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Columns : Guest Editorial

Why is Congress Reforming a Program That Has No Funding?

The Asset Forfeiture Fund is self-financed from seizures of property owned by criminals and it helps law enforcement agencies pay for resources and officers, so why is Congress cutting it as part of a budget deal?

February 29, 2016  |  by Chuck Canterbury

Chuck Cantebury, National President of the Fraternal Order of Police
Chuck Cantebury, National President of the Fraternal Order of Police

Late last year, Congress passed and the president signed a historic two-year budget deal that mapped out the fiscal priorities of the federal government. In order to pay for the new budget deal, the legislation imposed a permanent recision, or cut, in the Asset Forfeiture Fund (AFF) managed by the U.S. Department of Justice (DOJ).

The AFF is funded by federal task forces, in which many state and local agencies participate, that seize the assets of criminals and their organizations. The proceeds of these seizures are then shared with those agencies participating in these task forces through an equitable sharing program.

The budget deal imposed a cut of $746 million dollars on the AFF–a considerable sum. While a significant blow, the cut did not immediately jeopardize the equitable sharing program. However, the recent omnibus appropriations act—which was negotiated behind closed doors and passed before anyone had the opportunity to read the massive bill—contained an additional recision of $458 million. This reduction was completely unforeseen by the U.S. Department of Justice and the law enforcement community, and it has completely disrupted the program.

This $1.2 billion cut made in the span of a single month to the AFF has forced the DOJ to temporarily suspend the equitable sharing program. The department is looking within to find the resources to keep the program operating and will issue a statement and guidance to its state and local partners in the near future.

What has happened here is that Congress has turned the AFF into its personal piggy bank and left law enforcement to pick up the pieces. The equitable sharing program is effective and provides—or in this case provided—the funds that allow local, state, and federal law enforcement agencies to cooperate jointly and go after the "big fish"—large, organized criminal enterprises smuggling firearms, narcotics, and/or people to generate considerable assets. The asset forfeiture program is a deterrent to criminal activity as well as a punitive measure and, best of all, we are able to reinvest these seized resources back into our law enforcement agencies and improve public safety.

In 2015, the Fraternal Order of Police was at the forefront of the effort to defeat Congressional efforts to end the equitable sharing program, which could result in permitting criminals and their organizations to better protect their ill-gotten gains. In fact, we were the only law enforcement organization to testify before Congress in support of the equitable sharing program. Other law enforcement organizations were mostly absent from this debate, and the FOP faced considerable heat and pressure from legislators on both sides of the aisle who were focused on ending the equitable sharing program. But we also had friends. We worked with allies like Senator Jeff Sessions (R-AL) to slow down these efforts and we will continue to work with the DOJ and other law enforcement stakeholder groups to find some way—any way—to keep this program afloat.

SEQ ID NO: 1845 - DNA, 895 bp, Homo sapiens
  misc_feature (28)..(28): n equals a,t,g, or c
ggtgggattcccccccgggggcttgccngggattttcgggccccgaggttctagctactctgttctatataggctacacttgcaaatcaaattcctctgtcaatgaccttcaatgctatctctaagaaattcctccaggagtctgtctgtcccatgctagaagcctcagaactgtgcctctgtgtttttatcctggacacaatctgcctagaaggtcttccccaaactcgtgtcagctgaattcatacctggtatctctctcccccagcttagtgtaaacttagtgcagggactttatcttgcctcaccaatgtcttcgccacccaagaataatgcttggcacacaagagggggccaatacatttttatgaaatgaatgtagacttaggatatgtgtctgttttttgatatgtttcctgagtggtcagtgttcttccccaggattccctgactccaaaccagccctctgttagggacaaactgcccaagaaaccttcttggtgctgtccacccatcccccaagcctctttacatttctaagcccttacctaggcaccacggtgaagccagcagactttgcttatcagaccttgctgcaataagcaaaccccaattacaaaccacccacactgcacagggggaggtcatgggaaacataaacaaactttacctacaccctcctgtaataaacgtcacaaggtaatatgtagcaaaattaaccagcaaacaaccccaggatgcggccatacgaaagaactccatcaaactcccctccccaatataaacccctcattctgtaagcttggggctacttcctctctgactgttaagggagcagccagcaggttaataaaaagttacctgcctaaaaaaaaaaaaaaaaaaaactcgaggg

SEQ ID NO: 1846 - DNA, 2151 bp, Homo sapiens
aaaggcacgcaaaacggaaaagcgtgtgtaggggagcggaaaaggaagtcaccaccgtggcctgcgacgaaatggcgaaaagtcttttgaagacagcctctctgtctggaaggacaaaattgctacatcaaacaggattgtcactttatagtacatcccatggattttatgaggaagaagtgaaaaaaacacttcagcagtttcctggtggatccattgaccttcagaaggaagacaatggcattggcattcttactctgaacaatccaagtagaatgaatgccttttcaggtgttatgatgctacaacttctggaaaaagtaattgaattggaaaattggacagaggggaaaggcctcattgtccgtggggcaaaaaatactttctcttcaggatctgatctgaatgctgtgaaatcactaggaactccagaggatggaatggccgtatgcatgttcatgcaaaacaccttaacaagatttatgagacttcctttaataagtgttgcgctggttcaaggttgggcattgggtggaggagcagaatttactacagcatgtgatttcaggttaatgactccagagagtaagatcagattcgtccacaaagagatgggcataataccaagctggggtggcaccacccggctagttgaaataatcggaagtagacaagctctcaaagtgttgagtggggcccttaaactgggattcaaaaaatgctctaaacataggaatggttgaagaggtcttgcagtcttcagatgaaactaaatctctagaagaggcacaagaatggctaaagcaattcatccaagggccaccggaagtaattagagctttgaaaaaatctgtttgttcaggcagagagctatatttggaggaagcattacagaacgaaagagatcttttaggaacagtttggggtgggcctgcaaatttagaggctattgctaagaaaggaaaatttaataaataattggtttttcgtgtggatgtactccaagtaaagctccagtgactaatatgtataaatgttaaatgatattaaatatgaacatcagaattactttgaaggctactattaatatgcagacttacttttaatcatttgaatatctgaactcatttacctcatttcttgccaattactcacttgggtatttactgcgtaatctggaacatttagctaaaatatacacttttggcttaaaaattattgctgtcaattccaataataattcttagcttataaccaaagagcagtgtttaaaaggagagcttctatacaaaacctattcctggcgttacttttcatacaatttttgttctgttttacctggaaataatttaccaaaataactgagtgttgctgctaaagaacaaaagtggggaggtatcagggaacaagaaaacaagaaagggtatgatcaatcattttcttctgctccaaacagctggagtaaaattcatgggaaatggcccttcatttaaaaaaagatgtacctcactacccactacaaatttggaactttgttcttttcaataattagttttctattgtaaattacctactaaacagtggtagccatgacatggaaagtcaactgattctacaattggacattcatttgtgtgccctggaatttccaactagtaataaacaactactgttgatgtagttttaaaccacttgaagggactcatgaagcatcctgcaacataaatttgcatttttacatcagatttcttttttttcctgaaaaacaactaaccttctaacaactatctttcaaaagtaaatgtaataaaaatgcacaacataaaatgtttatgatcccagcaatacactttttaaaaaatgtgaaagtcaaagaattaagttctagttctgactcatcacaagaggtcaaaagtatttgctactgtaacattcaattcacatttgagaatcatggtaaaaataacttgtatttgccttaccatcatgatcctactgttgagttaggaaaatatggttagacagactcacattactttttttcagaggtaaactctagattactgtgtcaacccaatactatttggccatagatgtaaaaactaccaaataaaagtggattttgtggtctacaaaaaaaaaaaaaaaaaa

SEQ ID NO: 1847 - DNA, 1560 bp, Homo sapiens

This Congress continues to inflict terrible cuts and reductions to state and local law enforcement agencies, compromising our homeland and hometown security at a time when the threat level is on the rise. The cuts to the AFF have the potential for dire consequences. Federal task forces, whose success depends on the participation of state and local law enforcement, will begin to collapse as these agencies will no longer be able to contribute manpower and resources to these efforts if there is no way to recoup part of the cost of that participation. And that could lead to even greater threats from organized criminals and terrorists.

It's awfully tough to make a good case to reform a program that was stripped of its funding. The FOP suggests that Congress start to work with law enforcement and not against us.

Chuck Canterbury is the national president of the Fraternal Order of Police.

Comments (1)

Displaying 1 - 1 of 1

Kevin @ 5/12/2016 10:37 PM

The federal government should provide funding to state and local police to replace the lost revenue after shutting down the program. The intentions of the program were good, but not every agency has used it properly. Criminals have had their money seized, but too many mistaken seizures have been made.

If the program returns, the money should be returned if the person is not charged with a felony within 10 days, and indicted within 30 days. If the person is not convicted, or on trial for a felony in 120 days, the money should be returned. If the person is found not guilty, the money should be returned. An oversight board would be good, too.

I imagine that one of the most difficult parts of an officer's job would be to deal with the devastating effects of drugs on the users and families, and I sympathize with police efforts to stop the drug epidemic. The WP has an informative, but one-sided, article:

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